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Policy Contribution

Innovation in EU merger control: walking the talk

European Union policymakers have in principle put innovation at the heart of competitiveness, in particular in the Europe 2020 strategy. But in merger control, assessments of the innovation effects of mergers are inadequate, even though mergers and acquisitions can have a significant impact on the development of the structure of an industry, and on its capability to innovate.

By: Date: February 29, 2012 Innovation & Competition Policy Tags & Topics

European Union policymakers have in principle put innovation at the heart of competitiveness, in particular in the Europe 2020 strategy. But in merger control, assessments of the innovation effects of mergers are inadequate, even though mergers and acquisitions can have a significant impact on the development of the structure of an industry, and on its capability to innovate.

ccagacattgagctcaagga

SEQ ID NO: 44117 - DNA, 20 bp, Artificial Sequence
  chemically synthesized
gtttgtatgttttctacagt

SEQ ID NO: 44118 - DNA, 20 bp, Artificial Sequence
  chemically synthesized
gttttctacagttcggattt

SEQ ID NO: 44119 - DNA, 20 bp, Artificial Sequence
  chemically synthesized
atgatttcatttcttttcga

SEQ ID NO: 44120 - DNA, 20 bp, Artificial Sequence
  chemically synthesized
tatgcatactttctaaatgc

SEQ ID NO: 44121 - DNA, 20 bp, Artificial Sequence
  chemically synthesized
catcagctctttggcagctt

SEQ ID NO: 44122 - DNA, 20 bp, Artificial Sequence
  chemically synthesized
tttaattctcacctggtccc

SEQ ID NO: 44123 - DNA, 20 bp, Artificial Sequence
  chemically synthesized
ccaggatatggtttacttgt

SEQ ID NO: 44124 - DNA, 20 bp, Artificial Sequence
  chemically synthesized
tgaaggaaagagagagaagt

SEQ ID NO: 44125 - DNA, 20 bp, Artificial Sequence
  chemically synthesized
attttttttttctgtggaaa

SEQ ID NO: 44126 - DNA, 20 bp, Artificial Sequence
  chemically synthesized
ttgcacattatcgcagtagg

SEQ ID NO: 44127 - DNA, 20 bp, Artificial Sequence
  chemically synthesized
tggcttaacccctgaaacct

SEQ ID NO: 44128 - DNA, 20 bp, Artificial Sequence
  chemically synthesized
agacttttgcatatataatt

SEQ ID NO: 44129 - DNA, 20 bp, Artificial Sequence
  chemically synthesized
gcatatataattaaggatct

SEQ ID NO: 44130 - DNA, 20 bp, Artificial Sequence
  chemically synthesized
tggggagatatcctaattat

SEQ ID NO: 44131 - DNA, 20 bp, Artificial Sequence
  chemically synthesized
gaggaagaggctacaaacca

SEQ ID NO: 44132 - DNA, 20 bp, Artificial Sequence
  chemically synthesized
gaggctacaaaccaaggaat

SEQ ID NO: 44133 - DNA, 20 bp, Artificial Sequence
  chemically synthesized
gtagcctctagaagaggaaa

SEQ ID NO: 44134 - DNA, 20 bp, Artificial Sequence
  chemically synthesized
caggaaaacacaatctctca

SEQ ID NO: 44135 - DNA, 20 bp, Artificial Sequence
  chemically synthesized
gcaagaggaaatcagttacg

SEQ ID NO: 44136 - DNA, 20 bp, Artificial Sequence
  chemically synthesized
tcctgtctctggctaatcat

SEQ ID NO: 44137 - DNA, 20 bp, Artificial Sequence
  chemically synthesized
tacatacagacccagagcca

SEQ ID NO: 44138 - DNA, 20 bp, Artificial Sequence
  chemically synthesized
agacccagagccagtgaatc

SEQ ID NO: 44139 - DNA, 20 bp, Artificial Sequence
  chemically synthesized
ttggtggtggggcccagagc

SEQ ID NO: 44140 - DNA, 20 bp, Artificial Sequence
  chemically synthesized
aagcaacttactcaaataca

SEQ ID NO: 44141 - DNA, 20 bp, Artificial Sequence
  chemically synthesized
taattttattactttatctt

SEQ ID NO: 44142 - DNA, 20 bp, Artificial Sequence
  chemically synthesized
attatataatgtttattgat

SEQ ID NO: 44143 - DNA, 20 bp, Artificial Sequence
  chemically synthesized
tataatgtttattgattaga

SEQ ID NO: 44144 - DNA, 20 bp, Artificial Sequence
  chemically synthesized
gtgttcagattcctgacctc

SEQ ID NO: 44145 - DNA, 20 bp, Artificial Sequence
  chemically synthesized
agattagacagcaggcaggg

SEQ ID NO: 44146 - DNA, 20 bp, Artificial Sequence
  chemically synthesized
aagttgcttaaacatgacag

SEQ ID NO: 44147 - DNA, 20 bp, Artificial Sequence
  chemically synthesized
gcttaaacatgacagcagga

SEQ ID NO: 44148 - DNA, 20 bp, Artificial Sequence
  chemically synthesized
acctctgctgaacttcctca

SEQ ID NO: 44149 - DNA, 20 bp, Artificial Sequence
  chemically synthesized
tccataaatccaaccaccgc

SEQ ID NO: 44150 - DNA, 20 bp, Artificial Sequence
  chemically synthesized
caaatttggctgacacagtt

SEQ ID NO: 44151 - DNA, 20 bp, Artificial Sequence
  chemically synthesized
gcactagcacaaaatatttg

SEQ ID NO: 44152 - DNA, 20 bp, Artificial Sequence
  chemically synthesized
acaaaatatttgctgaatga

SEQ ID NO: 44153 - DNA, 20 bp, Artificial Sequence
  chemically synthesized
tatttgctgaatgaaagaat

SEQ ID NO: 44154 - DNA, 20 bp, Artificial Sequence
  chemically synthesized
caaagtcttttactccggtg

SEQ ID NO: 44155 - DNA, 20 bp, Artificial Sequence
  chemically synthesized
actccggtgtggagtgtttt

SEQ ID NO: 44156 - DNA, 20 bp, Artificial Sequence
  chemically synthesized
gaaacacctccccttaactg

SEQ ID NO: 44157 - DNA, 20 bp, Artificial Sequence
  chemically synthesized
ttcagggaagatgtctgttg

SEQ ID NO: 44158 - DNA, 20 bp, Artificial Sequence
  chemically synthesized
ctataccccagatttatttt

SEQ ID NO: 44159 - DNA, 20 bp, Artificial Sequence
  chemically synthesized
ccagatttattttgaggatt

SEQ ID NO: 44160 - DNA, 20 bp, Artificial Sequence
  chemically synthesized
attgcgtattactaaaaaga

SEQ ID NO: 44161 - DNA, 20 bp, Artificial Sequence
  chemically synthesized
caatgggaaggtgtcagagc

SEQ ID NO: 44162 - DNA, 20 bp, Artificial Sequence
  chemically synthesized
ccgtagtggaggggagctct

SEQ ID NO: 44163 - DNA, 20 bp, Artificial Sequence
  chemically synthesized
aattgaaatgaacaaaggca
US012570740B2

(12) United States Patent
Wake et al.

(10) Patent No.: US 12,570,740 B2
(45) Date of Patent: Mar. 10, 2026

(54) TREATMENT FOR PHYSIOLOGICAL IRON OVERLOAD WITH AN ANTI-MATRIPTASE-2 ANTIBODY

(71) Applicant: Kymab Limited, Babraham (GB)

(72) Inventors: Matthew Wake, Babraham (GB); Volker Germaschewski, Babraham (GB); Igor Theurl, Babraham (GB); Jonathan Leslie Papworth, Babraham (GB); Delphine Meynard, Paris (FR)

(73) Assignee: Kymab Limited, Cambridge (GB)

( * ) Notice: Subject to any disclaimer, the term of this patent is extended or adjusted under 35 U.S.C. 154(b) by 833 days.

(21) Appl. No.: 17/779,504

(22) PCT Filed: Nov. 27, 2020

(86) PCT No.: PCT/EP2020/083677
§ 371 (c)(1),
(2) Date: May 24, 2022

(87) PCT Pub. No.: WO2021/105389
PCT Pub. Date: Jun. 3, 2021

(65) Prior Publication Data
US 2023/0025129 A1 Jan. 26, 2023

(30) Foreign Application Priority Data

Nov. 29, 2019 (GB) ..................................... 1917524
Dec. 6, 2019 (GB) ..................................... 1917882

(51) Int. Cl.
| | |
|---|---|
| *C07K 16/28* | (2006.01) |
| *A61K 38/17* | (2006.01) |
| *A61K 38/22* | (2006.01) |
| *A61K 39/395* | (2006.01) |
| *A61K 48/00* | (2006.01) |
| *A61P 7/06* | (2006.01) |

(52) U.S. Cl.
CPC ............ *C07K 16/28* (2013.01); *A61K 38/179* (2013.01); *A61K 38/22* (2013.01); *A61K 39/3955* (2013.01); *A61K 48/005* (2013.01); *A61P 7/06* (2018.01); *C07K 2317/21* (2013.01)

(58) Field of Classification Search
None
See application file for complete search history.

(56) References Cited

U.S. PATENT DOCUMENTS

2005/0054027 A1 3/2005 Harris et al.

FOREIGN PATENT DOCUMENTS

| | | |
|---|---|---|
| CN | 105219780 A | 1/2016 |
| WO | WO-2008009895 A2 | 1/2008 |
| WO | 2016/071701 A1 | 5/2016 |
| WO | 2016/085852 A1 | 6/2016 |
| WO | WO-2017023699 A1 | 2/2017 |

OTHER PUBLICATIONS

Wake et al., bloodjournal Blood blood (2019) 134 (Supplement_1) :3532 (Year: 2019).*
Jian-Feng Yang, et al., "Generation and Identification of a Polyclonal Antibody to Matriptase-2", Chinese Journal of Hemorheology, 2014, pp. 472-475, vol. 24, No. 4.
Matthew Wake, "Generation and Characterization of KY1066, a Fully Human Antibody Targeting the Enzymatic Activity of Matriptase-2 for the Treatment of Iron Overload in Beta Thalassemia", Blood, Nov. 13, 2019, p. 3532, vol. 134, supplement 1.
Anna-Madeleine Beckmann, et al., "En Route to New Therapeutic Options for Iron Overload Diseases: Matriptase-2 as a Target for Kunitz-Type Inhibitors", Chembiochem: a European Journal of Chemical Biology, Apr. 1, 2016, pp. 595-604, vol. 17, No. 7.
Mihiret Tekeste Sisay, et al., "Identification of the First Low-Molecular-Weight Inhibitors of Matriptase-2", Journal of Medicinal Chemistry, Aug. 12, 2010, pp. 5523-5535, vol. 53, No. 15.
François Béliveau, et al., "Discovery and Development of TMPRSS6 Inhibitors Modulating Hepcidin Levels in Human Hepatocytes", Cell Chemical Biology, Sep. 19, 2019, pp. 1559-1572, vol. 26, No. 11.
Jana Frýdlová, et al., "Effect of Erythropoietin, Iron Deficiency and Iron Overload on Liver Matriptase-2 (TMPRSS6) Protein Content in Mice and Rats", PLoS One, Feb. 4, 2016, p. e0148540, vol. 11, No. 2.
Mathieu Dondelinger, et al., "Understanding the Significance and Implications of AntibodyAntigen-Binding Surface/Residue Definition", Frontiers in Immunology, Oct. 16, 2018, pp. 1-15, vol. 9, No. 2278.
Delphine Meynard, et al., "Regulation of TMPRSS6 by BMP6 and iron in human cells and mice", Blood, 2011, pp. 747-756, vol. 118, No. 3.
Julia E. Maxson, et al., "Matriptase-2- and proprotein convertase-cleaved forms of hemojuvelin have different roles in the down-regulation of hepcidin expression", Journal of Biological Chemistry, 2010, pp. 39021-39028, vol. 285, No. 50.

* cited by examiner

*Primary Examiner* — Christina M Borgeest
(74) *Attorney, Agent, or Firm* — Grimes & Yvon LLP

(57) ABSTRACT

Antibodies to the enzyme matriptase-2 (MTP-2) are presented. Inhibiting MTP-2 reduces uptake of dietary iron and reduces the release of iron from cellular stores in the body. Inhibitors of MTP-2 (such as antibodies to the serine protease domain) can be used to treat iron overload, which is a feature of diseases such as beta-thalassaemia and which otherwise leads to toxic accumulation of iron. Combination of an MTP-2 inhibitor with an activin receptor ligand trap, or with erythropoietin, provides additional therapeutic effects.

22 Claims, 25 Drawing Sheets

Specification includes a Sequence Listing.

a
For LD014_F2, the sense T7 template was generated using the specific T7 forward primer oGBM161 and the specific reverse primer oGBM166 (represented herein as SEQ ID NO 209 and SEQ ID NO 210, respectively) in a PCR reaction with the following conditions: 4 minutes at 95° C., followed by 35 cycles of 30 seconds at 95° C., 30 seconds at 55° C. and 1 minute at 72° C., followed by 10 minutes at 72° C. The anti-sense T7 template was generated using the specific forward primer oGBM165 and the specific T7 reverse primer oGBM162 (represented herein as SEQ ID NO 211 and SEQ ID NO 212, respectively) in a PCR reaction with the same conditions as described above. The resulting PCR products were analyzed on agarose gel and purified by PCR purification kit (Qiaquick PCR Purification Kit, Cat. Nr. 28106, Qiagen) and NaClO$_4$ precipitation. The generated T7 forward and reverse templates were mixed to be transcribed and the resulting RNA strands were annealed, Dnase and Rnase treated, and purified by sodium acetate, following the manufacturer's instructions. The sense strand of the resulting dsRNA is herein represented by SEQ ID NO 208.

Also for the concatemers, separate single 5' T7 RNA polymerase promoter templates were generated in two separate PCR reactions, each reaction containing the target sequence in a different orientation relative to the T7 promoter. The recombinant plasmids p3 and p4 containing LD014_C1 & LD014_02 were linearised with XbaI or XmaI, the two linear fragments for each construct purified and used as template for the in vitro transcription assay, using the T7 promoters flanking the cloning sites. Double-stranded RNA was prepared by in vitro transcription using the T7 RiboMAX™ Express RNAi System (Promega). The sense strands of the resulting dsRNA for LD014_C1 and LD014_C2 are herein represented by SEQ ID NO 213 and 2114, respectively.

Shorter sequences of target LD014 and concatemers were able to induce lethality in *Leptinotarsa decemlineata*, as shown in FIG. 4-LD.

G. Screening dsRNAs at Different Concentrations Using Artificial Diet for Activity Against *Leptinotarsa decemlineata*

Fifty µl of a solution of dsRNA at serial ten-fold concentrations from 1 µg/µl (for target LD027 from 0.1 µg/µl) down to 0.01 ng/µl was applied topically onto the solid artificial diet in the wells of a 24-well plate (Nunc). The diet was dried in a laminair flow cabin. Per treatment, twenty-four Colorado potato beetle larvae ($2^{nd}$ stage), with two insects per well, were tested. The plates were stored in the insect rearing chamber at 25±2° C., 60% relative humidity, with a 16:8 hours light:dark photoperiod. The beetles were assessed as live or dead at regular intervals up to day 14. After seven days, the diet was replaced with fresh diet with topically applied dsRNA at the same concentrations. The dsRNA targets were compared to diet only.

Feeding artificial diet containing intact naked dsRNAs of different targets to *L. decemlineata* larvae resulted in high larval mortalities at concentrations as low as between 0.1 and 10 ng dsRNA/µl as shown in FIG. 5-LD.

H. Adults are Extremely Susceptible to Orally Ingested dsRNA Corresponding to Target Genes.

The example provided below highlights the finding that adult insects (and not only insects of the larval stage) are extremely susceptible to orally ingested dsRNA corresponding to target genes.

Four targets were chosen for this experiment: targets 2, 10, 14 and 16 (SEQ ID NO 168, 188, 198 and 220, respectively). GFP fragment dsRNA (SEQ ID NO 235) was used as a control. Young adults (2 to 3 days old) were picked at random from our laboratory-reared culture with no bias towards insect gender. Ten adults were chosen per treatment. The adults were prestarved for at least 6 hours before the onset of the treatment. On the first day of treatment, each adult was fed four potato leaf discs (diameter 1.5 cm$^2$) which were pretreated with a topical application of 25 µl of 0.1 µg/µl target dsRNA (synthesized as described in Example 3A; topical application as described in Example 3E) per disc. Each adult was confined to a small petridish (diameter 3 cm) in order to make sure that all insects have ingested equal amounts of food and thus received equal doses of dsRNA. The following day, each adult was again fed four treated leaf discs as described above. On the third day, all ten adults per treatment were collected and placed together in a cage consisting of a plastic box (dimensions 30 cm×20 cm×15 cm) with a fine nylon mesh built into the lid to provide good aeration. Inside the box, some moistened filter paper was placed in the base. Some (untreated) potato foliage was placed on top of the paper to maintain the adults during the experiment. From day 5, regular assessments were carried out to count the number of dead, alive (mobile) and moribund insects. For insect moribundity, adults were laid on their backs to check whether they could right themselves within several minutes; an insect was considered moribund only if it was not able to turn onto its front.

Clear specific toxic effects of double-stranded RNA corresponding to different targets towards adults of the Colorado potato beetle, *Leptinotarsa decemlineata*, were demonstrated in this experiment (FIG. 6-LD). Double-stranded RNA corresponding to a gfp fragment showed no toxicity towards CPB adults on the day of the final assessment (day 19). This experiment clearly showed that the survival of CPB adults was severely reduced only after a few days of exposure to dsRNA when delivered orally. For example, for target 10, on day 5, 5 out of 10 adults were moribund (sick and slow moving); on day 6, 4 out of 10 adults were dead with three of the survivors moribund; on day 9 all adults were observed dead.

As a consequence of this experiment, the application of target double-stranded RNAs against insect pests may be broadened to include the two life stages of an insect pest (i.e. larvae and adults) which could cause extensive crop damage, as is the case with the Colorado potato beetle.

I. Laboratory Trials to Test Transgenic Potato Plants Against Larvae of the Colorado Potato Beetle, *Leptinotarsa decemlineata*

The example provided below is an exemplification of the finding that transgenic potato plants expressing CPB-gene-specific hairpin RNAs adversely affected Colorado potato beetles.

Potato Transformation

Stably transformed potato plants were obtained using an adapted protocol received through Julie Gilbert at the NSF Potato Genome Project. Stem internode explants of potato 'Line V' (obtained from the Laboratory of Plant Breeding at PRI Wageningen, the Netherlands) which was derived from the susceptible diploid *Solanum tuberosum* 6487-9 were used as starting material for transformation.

EU merger control rules include scope for assessing the innovation effects of mergers, but in practice, the European Commission’s directorate-general for competition (DG COMP) is not ‘walking the talk’. Innovation effects are only assessed when claimed by parties to a merger, and this happens rarely. Where innovation effects have been claimed, they have not been decisive in any case, meaning DG COMP has not considered them important enough to influence its decision.

A framework should be put in place that makes the reporting of efficiency-related information by the merging parties mandatory, so that innovation effects can be properly assessed for all mergers. In addition, models can be used to make an assessment of the longer-term innovation effects of a merger, and to help inform decision-making.

The author acknowledges the excellent research assistance of Joan de Solà-Morales and Hendrik Meder, and would like to thank Lars-Hendrik Röller for discussing and commenting on earlier versions of the paper.

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